Bad Breath? What now?

By April 26, 2015 Preventative, Social
woman with her hands over her mouth

What Are Common Bad Breath Causes?

If you suffer from chronic, severe bad breath, also known as halitosis, it’s important to identify the cause so you can determine an effective treatment.

Halitosis has many causes, including the following:

  • Tobacco use. If you smoke, quit. Your bad breath may be due to other causes, too, but tobacco use is a guarantee of bad breath. If you are ready to quit, ask your doctor or dentist for advice and support. Smoking doesn’t help the rest of your health either, so it really isn’t a good idea to continue.
  • What you eat, or don’t eat. Certain foods, such as garlic, contribute to bad breath, but only temporarily. Once they are absorbed into the bloodstream, the smell is expelled through the breath, but the odours remain until the body processes the food, so there’s no quick fix for this one.
  • Dry mouth. If your mouth is extremely dry, there is not enough saliva to wash away excess food particles and bacteria, which can cause an unpleasant smell if they build up on the teeth. Sipping plain water and good oral hygiene practices are straightforward solutions to this problem. More severe cases may need assistance in the form of saliva substitutes.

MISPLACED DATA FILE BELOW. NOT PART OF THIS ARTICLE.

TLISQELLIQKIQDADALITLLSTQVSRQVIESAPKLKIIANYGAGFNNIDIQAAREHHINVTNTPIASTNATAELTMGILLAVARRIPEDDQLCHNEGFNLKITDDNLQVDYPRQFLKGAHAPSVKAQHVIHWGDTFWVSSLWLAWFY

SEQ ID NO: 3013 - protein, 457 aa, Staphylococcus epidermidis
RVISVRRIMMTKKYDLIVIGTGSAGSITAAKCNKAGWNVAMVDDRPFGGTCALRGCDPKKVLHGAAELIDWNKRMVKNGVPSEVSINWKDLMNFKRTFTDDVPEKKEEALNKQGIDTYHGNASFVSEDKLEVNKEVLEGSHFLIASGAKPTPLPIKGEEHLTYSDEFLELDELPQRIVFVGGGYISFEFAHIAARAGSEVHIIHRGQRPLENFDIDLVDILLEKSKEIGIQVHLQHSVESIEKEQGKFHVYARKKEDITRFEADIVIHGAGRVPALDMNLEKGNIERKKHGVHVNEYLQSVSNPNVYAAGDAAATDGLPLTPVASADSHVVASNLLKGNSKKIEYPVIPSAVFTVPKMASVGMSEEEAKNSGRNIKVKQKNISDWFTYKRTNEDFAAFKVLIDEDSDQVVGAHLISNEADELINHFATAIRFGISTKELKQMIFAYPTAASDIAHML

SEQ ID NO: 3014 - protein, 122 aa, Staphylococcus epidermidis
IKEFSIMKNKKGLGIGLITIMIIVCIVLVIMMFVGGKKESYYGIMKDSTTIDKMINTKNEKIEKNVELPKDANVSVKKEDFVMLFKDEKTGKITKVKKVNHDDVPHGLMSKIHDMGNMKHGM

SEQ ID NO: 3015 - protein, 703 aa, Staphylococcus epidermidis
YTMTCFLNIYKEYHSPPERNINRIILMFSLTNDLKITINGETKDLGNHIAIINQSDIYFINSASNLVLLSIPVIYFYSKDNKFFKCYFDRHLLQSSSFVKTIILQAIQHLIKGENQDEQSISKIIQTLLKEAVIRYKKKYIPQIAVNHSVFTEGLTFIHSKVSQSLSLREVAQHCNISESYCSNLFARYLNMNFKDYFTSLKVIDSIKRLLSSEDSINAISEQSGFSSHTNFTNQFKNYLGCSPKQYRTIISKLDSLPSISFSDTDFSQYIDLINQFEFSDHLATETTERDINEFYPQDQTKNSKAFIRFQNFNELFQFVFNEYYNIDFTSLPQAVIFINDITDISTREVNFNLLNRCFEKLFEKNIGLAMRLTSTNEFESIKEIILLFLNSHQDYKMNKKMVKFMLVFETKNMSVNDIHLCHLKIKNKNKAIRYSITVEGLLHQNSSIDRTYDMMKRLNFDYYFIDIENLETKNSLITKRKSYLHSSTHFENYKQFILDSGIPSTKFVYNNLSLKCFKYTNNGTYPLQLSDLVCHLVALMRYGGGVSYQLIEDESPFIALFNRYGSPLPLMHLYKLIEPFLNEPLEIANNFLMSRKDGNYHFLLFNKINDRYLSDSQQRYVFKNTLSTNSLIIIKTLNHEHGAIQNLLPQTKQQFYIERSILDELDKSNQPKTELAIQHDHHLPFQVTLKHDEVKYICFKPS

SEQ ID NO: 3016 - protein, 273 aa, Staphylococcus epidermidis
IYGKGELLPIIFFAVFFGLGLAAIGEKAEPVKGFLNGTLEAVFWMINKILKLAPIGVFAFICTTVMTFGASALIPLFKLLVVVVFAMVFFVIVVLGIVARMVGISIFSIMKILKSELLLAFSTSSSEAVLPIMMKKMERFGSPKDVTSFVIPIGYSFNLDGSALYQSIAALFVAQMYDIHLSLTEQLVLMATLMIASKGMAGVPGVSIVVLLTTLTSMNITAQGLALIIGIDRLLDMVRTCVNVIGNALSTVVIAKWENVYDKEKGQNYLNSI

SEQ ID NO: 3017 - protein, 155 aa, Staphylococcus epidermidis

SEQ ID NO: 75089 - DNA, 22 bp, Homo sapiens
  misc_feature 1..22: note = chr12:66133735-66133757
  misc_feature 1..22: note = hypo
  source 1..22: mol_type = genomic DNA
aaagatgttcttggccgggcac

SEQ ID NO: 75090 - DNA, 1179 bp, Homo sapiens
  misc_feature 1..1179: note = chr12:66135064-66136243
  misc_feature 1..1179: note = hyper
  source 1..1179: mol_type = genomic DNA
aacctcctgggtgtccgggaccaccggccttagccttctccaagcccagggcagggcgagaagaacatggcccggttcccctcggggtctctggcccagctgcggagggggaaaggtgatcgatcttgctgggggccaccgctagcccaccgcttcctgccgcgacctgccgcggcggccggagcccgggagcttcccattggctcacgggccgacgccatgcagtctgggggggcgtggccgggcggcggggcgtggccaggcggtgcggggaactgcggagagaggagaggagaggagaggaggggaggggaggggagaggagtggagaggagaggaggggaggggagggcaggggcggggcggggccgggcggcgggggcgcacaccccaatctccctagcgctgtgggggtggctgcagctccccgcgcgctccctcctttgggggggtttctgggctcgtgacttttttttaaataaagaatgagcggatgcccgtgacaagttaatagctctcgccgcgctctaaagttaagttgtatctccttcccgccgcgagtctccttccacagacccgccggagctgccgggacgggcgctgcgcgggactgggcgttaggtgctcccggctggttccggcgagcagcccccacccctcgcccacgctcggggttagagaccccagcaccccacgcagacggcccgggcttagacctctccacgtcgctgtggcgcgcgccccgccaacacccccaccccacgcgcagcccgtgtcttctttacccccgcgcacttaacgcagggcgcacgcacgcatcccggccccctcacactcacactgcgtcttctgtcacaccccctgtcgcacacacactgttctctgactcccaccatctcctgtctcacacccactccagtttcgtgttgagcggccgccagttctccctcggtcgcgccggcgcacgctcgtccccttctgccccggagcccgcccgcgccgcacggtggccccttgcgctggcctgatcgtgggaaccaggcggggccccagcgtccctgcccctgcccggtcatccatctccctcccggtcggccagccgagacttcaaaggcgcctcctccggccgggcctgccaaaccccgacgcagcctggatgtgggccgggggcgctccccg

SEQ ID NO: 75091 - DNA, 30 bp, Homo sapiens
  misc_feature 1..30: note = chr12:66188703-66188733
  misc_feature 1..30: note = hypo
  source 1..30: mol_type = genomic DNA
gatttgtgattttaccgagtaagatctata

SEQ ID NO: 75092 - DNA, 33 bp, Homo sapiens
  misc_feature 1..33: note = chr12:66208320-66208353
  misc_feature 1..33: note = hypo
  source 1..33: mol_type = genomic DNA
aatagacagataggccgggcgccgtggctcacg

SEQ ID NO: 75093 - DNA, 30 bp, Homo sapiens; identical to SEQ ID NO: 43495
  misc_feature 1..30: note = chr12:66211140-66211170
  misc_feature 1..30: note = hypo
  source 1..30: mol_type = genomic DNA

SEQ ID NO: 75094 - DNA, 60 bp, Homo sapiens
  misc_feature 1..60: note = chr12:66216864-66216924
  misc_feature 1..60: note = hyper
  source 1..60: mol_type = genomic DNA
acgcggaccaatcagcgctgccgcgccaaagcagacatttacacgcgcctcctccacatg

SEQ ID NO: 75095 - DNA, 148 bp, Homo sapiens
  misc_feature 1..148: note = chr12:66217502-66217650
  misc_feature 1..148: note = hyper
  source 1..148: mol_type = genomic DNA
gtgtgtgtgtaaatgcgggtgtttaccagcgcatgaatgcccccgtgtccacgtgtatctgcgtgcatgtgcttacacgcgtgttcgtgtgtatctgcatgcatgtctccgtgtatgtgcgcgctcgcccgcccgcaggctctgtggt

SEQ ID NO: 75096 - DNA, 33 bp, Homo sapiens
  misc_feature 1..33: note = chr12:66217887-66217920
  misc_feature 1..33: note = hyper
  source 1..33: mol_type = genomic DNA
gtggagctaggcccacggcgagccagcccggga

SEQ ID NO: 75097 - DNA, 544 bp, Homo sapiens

• Poor dental or gum health. Tooth decay and the resultant cavities provide a safe haven for millions of bacteria and these guys will go to work on food products to ensure an unpleasant odour emerges. Likewise, the pockets caused by gum disease are a brilliant place or all of those gum disease causing bacteria to ‘dine out’ on trapped food debris. You should ensure that you visit your dentist regularly to ensure you do not have any ‘bacteria nightclubs’ lying around.
  • Infections. Bad breath that seems to have no other cause may indicate an infection elsewhere in the body. If you have chronic bad breath and your dentist rules out any oral or dental problems, you should see your doctor for an evaluation. Bad breath can be a sign of a range of conditions including respiratory tract infections, chronic sinusitis or bronchitis, diabetes, or liver and kidney problems, so it’s important not to ignore the problem.

The best way to improve bad breath is to follow a thorough oral care routine including twice-daily tooth brushing and daily flossing to remove the food particles and bacteria that can cause bad breath. Regular hygienist visits will help ensure good overall oral health. Mouthwashes only improve bad breath for the short term, and if you have a chronic problem, your dentist may suggest an antimicrobial rinse to help keep bacteria at bay.